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Healthcare at the beginning of life and child survival: Evidence from a cash transfer experiment in Nigeria

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  • Okeke, Edward N.
  • Abubakar, Isa S.

Abstract

Households in poor countries are encouraged (and sometimes coerced) to increase investments in formal health care services during pregnancy and childbirth. Is this good policy? The answer to a large extent depends on its effects on child welfare. We study the effects of a cash transfer program in Nigeria in which households were offered a payment of $14 conditioned on uptake of health services. We show that the transfer led to a large increase in uptake and a substantial increase in child survival driven by a decrease in in-utero child deaths. We present evidence suggesting that the key driver is prenatal health investments.

Suggested Citation

  • Okeke, Edward N. & Abubakar, Isa S., 2020. "Healthcare at the beginning of life and child survival: Evidence from a cash transfer experiment in Nigeria," Journal of Development Economics, Elsevier, vol. 143(C).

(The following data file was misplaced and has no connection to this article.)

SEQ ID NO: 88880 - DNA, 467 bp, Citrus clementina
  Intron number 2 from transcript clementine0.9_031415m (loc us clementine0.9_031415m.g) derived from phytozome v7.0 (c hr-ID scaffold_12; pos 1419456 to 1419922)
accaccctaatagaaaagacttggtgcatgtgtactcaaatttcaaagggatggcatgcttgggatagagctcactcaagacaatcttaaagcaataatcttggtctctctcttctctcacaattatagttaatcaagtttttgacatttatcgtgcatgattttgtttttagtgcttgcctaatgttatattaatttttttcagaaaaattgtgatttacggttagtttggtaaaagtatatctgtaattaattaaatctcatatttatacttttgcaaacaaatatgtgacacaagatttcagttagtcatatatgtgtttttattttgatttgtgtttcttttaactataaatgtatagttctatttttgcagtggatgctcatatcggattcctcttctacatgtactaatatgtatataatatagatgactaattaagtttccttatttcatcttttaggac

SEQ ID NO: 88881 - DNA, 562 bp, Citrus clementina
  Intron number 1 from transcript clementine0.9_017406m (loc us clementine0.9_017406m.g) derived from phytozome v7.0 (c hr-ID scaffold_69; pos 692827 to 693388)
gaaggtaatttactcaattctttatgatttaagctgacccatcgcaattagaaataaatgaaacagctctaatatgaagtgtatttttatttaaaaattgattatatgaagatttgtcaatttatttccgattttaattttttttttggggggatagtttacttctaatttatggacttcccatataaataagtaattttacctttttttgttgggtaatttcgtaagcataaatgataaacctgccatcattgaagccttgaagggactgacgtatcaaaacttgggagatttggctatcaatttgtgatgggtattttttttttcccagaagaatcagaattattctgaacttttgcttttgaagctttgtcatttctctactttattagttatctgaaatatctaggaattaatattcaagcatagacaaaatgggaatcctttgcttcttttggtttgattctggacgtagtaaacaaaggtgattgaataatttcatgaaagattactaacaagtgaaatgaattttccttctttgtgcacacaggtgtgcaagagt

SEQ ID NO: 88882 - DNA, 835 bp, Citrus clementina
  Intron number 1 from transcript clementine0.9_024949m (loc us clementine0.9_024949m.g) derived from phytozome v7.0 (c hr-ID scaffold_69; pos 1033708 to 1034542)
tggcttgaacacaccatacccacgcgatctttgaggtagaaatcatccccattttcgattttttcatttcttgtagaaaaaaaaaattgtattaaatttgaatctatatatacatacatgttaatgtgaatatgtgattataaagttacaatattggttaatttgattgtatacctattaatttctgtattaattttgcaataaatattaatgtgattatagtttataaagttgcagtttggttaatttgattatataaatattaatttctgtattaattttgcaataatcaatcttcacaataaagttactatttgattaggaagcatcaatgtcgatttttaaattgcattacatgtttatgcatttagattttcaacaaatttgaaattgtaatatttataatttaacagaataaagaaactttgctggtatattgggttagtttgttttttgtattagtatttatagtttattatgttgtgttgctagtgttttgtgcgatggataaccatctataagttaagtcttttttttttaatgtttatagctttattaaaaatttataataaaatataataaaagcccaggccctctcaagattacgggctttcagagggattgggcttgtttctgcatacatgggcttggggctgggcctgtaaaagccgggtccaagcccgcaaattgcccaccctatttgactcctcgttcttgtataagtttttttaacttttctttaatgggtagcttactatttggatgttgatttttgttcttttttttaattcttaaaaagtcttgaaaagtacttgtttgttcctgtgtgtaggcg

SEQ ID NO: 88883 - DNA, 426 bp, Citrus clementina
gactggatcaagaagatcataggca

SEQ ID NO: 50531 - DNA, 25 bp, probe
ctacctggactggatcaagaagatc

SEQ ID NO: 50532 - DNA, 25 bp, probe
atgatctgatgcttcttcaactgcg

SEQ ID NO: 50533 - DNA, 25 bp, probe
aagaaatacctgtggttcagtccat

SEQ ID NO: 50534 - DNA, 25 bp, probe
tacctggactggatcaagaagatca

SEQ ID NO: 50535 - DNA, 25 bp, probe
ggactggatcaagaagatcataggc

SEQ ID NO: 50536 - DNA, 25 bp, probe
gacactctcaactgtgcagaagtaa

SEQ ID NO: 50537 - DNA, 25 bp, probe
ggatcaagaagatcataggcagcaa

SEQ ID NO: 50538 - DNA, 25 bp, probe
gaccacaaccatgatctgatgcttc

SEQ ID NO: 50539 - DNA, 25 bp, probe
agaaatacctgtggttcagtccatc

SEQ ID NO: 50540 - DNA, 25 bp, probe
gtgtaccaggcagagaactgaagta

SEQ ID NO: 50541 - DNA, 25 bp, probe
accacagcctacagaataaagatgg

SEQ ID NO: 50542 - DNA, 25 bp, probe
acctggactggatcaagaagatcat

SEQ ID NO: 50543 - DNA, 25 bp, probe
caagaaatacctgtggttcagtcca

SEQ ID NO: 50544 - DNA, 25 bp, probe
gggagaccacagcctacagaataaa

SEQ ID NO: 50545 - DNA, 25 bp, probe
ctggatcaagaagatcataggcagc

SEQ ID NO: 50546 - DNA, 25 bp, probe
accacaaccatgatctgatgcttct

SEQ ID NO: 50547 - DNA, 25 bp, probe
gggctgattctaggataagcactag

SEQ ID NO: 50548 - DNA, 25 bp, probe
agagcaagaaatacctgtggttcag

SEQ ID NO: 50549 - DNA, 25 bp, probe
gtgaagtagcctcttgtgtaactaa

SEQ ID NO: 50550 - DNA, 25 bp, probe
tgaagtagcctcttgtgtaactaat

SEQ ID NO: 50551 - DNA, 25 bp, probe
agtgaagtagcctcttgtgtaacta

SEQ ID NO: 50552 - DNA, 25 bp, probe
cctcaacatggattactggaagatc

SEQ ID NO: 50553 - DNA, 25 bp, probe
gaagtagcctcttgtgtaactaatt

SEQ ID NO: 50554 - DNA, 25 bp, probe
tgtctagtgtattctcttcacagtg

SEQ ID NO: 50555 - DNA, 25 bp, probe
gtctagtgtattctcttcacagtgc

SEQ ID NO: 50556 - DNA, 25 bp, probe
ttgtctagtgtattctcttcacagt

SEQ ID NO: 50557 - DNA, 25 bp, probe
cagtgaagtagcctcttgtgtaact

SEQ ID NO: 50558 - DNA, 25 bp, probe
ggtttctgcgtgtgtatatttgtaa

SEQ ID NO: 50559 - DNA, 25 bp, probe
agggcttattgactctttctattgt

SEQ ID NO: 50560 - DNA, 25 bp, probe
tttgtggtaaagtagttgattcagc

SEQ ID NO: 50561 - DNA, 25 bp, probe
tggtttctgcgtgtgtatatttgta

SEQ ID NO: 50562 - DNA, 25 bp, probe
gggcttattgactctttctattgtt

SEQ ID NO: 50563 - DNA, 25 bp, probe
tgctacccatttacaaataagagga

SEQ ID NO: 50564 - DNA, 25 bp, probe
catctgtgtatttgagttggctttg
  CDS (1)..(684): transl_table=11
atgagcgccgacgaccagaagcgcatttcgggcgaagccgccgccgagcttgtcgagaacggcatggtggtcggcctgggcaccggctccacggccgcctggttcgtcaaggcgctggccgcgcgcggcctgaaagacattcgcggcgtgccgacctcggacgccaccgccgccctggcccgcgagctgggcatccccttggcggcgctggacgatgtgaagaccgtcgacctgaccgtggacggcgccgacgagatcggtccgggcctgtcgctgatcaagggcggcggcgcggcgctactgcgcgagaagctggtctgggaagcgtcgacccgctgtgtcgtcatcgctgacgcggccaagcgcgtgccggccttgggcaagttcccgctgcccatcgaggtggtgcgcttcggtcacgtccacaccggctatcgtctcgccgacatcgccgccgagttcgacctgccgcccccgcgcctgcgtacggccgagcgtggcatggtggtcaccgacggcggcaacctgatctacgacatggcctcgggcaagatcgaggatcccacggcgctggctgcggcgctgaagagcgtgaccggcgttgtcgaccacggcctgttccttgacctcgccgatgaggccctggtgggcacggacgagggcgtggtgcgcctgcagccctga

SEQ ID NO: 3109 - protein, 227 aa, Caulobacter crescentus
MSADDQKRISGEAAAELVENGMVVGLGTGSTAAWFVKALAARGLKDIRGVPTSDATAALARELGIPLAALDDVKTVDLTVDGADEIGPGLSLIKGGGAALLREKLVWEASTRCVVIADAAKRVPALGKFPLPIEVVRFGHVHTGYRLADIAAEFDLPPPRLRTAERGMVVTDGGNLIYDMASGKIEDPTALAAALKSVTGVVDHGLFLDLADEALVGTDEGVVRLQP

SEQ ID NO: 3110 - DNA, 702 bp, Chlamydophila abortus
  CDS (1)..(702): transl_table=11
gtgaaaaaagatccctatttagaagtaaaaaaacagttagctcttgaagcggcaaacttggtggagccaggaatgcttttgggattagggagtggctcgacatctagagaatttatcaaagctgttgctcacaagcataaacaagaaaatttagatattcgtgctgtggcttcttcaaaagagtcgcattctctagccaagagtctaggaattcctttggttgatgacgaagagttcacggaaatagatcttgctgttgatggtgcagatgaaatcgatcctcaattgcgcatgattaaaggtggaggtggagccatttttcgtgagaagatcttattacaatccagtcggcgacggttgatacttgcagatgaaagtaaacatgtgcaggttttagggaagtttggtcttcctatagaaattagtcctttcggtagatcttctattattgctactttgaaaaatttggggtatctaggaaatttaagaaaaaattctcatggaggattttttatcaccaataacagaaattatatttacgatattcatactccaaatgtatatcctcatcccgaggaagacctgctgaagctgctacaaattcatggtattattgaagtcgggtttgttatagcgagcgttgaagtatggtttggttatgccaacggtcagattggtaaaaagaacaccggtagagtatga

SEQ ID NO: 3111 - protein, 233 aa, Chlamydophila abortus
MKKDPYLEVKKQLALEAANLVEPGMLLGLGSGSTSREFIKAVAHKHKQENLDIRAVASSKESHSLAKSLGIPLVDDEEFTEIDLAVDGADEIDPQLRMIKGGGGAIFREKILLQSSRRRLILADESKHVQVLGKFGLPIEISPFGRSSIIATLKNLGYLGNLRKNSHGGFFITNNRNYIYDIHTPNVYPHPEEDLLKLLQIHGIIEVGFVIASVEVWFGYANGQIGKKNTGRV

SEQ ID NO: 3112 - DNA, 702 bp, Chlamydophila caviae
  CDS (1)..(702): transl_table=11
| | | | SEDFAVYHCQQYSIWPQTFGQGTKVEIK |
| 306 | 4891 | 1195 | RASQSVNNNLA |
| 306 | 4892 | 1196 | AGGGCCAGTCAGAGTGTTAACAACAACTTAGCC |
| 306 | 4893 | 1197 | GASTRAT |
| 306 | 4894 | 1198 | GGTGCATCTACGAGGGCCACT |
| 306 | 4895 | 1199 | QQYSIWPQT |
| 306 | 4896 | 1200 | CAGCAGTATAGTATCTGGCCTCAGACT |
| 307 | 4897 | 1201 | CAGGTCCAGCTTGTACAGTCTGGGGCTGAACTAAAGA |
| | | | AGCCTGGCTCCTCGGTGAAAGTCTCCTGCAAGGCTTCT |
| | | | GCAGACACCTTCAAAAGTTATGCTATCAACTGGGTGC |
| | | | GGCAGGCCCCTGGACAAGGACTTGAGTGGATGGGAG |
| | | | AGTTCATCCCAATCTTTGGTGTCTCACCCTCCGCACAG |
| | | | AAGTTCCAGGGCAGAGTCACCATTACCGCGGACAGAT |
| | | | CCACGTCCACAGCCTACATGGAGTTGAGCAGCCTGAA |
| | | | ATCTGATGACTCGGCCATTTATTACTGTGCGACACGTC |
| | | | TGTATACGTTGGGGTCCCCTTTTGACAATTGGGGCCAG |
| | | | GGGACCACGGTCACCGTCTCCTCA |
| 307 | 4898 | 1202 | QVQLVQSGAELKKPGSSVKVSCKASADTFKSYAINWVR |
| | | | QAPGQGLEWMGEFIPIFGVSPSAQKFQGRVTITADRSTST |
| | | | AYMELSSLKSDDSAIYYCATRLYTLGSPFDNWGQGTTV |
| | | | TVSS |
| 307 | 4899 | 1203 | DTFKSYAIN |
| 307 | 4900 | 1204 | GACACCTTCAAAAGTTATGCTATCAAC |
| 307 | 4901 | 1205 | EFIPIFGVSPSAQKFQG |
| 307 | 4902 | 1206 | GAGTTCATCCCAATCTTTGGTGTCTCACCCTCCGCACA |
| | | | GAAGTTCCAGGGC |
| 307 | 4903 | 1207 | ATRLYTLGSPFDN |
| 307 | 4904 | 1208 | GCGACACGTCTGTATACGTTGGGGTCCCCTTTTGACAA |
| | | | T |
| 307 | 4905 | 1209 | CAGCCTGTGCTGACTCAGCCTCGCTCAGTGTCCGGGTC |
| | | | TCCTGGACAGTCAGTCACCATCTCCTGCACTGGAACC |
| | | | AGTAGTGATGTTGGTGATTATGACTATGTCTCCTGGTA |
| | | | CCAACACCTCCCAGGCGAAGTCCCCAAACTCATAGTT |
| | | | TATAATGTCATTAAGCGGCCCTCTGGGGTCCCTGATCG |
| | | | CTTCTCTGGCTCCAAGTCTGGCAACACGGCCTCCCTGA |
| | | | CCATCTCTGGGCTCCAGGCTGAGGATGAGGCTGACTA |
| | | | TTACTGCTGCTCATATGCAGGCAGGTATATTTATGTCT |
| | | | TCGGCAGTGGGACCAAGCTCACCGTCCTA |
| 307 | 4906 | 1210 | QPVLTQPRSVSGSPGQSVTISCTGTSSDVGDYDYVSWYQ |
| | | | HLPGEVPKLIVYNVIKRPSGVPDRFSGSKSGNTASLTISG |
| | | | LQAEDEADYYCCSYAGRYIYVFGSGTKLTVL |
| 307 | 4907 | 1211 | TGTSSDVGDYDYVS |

• Handle: RePEc:eee:deveco:v:143:y:2020:i:c:s0304387819307011
    DOI: 10.1016/j.jdeveco.2019.102426
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    More about this item

    Keywords

    Cash transfers; Maternal health services; Child mortality; Developing countries;
    All these keywords.

    JEL classification:

    • I10 - Health, Education, and Welfare - - Health - - - General
    • I12 - Health, Education, and Welfare - - Health - - - Health Behavior
    • I15 - Health, Education, and Welfare - - Health - - - Health and Economic Development
    • O15 - Economic Development, Innovation, Technological Change, and Growth - - Economic Development - - - Economic Development: Human Resources; Human Development; Income Distribution; Migration

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